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Skin & Coat Health

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Talking about the health of your Pet's Skin & Coat

One common malady that occurs with temperature changes is problems with a dog or cat's skin and coat.

Let's define "healthy skin and coat" so we're clear about what is considered "normal." Don't confuse "normal" with "common."

Every day in my practice I see pets that have unhealthy skin and coats (usually due to improper nutrition) - so less than optimum is actually quite "common." I've often thought a normal skin/coat condition was actually quite uncommon! Using your senses of touch, vision and smell you will begin to recognize the character of a "normal" or "healthy" skin and coat.

Normal touch: There will be a soft texture to the hairs and even in wiry coats such as in Airedales the character of the coat should be pliable and smooth.

Abnormal touch
The coat will be made up of dry, coarse, brittle hairs, some broken off, some very fine. The coat may be sparse and thinning or short and underdeveloped.

Normal appearing skin/coat: The skin will have a clean look to it and be free of scales, scabs and crusts. The coat should appear full, almost lustrous and have a soft look to it. Abnormal appearing skin/coat: The skin will appear thin, dry and scaly or greasy. The coat will appear dull, lusterless or even dusty. It will have no "shine" to it and will have a harsh appearance.

Normal skin/coat: A healthy skin and coat won't have any smell to it. And even when dirty, will smell like whatever is making it dirty.
Abnormal skin/coat: An unhealthy skin and coat will have a rancid, oily odor; the odor is caused by superficial skin bacteria and their waste products breaking down the oils on the skin.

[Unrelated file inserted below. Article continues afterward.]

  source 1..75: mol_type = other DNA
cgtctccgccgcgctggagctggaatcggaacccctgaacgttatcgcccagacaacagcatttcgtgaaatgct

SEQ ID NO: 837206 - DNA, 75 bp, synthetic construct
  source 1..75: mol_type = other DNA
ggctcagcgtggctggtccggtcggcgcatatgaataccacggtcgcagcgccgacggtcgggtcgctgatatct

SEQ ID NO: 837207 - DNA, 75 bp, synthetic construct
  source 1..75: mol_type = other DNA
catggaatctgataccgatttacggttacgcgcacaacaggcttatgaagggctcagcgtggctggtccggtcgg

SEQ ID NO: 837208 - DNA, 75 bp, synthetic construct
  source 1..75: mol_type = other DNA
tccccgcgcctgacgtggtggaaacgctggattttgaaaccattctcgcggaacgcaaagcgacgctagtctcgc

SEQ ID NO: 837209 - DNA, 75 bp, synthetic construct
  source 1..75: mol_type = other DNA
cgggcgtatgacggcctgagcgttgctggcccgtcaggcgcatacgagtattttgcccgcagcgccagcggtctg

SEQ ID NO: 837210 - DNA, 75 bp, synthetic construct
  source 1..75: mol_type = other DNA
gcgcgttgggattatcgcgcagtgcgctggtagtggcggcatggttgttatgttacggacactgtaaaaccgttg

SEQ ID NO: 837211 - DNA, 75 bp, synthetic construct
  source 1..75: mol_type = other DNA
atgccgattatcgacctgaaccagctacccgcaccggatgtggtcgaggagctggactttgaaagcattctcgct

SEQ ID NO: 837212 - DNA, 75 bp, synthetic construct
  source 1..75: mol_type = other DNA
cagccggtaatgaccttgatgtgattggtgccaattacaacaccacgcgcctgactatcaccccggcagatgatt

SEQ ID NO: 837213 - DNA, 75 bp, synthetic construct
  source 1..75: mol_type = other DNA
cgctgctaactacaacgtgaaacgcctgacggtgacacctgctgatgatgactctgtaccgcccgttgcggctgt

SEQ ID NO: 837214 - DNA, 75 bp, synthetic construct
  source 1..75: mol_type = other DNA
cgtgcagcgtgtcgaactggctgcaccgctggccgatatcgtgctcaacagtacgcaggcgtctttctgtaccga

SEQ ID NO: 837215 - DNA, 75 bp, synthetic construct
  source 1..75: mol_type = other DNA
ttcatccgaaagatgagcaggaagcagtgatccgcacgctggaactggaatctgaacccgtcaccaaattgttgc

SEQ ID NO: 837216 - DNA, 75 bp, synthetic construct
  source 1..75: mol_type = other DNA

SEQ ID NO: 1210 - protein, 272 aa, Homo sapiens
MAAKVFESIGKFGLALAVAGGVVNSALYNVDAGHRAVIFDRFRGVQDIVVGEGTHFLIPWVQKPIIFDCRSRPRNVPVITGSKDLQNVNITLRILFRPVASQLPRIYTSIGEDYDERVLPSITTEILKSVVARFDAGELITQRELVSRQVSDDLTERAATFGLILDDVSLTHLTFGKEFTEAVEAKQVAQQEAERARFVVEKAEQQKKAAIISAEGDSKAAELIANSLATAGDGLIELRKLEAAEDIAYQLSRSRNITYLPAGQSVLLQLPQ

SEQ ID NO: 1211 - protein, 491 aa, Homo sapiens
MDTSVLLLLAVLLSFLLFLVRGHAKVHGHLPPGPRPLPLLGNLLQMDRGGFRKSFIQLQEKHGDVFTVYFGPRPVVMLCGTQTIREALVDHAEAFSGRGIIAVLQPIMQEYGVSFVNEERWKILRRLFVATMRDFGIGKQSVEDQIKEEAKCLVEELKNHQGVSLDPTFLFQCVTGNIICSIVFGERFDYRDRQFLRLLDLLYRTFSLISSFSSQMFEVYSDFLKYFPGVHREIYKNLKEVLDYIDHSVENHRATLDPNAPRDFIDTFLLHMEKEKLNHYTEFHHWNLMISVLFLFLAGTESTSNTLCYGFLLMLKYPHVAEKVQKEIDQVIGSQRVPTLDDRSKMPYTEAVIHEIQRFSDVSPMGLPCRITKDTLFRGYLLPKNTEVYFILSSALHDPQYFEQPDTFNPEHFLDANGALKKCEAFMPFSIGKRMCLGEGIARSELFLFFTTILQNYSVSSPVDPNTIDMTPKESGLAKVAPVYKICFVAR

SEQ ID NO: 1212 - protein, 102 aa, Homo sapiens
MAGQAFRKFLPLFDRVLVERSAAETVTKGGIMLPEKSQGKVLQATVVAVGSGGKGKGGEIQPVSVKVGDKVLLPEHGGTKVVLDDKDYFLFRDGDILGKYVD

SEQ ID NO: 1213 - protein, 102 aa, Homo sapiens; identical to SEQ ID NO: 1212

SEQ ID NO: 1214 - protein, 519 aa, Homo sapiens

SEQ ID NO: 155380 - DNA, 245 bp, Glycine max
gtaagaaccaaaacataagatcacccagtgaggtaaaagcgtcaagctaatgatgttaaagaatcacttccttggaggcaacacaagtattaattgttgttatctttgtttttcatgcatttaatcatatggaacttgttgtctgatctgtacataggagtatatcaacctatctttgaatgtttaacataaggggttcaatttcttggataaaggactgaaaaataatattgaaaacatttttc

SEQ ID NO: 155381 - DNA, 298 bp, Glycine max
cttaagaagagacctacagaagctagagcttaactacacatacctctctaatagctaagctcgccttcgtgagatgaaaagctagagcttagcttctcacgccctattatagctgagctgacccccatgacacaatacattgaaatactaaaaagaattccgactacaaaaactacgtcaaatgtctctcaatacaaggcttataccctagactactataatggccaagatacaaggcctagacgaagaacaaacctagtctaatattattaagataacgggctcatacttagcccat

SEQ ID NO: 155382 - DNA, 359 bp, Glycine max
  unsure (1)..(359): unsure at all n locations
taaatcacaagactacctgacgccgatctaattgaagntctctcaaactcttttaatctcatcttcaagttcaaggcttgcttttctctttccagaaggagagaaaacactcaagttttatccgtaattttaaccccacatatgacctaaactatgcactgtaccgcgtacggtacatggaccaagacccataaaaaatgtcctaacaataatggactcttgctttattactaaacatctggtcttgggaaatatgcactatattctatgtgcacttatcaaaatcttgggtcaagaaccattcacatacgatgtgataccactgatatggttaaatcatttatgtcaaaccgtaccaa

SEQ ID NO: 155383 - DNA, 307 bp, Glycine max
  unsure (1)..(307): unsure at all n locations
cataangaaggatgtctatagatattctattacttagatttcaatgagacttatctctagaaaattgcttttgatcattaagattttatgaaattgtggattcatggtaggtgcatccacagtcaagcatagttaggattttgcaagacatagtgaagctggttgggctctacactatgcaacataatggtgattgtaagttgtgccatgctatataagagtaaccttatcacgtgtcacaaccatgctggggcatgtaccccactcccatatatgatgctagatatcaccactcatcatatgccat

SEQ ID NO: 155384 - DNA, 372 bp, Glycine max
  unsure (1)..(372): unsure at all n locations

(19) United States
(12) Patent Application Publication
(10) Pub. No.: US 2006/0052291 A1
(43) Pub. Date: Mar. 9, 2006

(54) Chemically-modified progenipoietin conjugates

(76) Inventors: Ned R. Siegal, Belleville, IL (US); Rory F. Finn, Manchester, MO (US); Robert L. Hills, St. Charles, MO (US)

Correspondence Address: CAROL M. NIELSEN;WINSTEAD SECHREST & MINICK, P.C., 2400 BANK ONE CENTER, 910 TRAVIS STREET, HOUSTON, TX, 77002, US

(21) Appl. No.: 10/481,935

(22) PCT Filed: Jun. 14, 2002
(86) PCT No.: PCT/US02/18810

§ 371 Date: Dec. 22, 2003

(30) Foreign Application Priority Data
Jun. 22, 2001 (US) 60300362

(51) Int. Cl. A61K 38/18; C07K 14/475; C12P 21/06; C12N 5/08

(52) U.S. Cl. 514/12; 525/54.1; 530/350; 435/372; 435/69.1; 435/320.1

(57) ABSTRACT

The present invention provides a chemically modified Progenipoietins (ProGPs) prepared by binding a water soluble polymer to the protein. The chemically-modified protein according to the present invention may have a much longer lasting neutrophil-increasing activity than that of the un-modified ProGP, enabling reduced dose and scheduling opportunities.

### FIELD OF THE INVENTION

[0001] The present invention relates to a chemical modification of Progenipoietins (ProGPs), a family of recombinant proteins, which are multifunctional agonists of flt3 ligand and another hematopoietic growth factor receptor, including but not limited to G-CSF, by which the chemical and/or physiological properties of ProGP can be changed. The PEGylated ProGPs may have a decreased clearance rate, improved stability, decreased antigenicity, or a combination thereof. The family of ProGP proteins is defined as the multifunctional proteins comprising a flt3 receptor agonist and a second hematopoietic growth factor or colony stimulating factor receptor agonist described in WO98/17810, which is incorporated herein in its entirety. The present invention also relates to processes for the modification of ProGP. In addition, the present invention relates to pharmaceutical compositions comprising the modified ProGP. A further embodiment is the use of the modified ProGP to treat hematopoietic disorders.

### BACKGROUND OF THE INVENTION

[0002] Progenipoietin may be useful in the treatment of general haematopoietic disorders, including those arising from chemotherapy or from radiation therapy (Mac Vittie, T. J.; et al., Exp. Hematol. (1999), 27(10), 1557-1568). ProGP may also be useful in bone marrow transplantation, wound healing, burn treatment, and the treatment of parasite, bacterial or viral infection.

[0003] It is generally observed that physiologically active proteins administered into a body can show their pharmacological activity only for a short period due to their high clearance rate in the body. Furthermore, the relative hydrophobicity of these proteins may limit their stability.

All skin surfaces have colonies of bacteria present. But an unhealthy skin surface harbors too many of the wrong kinds of bacteria. That is why many veterinarians recommend weekly shampoos with benzoyl peroxide for some dogs with chronic bacterial dermatitis. These types of shampoos keep bacterial numbers to a minimum.

The single most important determining factor in the healthy skin/coat equation is proper NUTRITION.

No matter what else may be adversely affecting the skin/coat, such as allergies, infections, harsh environment, or parasites, the problem will be worse in a dog that is only barely meeting its nutrient requirements.

And skin/coat problems are always less severe and occur less often in well nourished pets. Dogs and cats are primarily meat eaters. They will act, feel and look their best if fed a diet whose first ingredient listed on the pet food label is MEAT, POULTRY or FISH.

Diets that are based on grains such as corn will NOT properly nourish dogs and cats.

The entire field of pet health nutrition is now only beginning to recognize the value and function of meat-based (poultry, beef, lamb, fish) diets.

Many well known brands of dog and cat foods that have been around for years and whose foundation (the first listed ingredient on the label) is a grain such as corn, wheat, barley, or rice simply do NOT provide the health enhancing nutrients that meat-based diets provide.

Most veterinarians have had only superficial training in pet nutrition and often that training has been provided by representatives of various dog food companies.


Shedding is not necessarily abnormal. Even if you can grab clumps of fur and remove them from the pet this hair loss can be normal. Nearly every day in my practice someone brings in a dog that is losing "tons" of fur and the owner wants to know what's wrong because it has never done this before.

As long as the skin looks healthy and there remains a reasonably dense coat where those "clumps" are coming out, and there are no bald spots showing up, the exuberant shedding is probably normal. Even in northern climates many outdoor dogs will shed in December or January. Indoor dogs might shed anytime or even all the time. Hormones, environmental conditions, nutritional status and probably factors yet to be discovered all play a role in the cycle of growth, rest, and fall-out of each individual hair shaft.


Tippy & Alfred know that many skin and coat problems arise from nutritional deficiencies

If your dog or cat suffers from:

Irritated Skin
Excessive Itching
Scratching & Biting
Flaky Skin
Dry or Oily Coat
Excessive shedding
Odorous skin
Dull or brittle coat

Then Dr. Jane Bicks recommends her Skin & Coat Formula for Dogs & Cats. The Skin & Coat Formula has been clinically tested in over 40 veterinary Clinics and proven effective based on six years and thousands of satisfied users.

The delicious roast beef and liver flavored chewable tablets have a taste that dogs and cats love to eat.

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